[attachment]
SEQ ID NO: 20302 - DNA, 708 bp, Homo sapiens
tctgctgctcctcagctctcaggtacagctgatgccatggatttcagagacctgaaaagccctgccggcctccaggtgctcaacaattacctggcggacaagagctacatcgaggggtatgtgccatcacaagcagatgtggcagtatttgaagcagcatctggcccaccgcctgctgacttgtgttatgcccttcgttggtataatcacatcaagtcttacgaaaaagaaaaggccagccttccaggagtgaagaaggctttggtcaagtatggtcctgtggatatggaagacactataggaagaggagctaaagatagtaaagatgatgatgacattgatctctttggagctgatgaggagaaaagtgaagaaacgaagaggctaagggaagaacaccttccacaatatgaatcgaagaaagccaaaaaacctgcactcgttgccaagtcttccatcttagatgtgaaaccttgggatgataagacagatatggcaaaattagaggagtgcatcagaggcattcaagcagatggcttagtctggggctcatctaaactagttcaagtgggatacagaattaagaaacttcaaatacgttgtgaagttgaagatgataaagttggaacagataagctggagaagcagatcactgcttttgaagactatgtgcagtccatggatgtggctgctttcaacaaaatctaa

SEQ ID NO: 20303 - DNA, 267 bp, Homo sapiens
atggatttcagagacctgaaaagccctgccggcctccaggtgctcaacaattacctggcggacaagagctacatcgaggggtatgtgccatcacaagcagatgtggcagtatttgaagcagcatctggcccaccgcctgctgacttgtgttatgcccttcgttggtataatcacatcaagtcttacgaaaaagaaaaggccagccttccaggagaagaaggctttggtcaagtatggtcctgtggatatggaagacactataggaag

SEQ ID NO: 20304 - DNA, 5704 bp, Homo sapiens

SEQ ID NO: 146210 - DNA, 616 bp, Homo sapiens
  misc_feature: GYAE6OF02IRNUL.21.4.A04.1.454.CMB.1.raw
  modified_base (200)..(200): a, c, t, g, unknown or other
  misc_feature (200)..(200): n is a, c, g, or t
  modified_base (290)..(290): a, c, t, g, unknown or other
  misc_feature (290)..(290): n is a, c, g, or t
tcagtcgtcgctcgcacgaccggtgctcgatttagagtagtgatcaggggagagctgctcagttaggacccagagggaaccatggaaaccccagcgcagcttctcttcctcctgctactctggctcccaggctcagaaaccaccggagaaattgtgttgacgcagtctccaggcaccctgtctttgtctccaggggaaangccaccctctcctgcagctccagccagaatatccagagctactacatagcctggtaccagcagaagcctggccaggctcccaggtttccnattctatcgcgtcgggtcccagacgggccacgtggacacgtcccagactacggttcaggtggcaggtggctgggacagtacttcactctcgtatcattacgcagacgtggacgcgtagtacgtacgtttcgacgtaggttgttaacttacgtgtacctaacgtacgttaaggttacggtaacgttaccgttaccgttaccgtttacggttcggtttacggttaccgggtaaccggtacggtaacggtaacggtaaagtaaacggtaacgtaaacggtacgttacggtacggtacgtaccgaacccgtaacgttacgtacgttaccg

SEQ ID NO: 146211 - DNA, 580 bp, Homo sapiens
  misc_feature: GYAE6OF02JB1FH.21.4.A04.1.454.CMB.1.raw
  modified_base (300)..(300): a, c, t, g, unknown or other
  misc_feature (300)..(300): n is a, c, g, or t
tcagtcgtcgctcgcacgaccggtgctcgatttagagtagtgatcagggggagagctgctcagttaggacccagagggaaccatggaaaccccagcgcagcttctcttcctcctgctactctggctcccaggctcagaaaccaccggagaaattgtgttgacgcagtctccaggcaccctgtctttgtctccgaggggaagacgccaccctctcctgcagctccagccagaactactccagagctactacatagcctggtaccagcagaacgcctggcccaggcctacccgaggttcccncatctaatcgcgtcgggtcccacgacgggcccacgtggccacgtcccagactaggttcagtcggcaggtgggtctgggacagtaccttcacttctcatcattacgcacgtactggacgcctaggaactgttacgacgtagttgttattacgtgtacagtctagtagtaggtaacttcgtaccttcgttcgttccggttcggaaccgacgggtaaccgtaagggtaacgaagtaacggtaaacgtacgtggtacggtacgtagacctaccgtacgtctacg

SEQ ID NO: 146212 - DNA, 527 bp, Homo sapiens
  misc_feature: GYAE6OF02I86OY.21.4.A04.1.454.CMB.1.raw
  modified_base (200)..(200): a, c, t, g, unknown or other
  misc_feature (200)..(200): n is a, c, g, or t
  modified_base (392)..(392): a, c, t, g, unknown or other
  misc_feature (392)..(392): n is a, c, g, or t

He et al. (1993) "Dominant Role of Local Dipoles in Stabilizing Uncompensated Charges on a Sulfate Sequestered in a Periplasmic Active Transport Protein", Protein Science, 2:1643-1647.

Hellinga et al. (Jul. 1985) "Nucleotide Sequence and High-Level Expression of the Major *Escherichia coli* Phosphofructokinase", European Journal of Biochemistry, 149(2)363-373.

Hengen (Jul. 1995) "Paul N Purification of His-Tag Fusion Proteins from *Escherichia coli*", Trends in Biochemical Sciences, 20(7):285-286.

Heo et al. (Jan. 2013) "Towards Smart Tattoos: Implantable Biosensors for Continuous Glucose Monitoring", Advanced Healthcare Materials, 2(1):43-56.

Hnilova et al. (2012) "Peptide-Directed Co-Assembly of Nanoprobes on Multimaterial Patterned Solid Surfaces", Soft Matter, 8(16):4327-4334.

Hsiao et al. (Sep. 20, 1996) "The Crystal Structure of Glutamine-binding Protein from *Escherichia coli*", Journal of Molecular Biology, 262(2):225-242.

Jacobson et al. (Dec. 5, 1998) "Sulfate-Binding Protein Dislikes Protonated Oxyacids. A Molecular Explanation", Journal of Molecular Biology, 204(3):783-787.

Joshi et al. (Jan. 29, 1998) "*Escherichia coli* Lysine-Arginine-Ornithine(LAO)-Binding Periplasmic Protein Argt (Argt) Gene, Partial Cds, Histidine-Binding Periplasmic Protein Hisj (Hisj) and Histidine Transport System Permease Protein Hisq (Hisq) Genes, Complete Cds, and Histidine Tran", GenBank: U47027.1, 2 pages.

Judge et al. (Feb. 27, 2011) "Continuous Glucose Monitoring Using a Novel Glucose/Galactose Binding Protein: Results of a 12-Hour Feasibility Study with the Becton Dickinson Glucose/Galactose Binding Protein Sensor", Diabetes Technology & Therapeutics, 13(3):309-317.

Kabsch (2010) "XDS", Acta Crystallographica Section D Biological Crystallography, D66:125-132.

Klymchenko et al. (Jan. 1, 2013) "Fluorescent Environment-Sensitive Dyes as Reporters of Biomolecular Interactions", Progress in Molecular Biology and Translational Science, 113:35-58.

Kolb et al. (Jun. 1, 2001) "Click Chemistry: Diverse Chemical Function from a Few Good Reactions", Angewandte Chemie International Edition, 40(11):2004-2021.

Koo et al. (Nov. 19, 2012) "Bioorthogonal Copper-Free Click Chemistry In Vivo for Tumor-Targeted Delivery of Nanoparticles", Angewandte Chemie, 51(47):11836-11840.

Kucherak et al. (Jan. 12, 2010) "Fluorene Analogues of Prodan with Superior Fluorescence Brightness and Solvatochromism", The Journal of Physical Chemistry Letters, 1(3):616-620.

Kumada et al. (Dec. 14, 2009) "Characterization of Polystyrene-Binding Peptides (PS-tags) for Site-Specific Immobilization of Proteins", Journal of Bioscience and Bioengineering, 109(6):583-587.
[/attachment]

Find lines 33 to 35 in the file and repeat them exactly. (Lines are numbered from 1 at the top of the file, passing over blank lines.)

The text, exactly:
Kabsch (2010) "XDS", Acta Crystallographica Section D Biological Crystallography, D66:125-132.

Klymchenko et al. (Jan. 1, 2013) "Fluorescent Environment-Sensitive Dyes as Reporters of Biomolecular Interactions", Progress in Molecular Biology and Translational Science, 113:35-58.

Kolb et al. (Jun. 1, 2001) "Click Chemistry: Diverse Chemical Function from a Few Good Reactions", Angewandte Chemie International Edition, 40(11):2004-2021.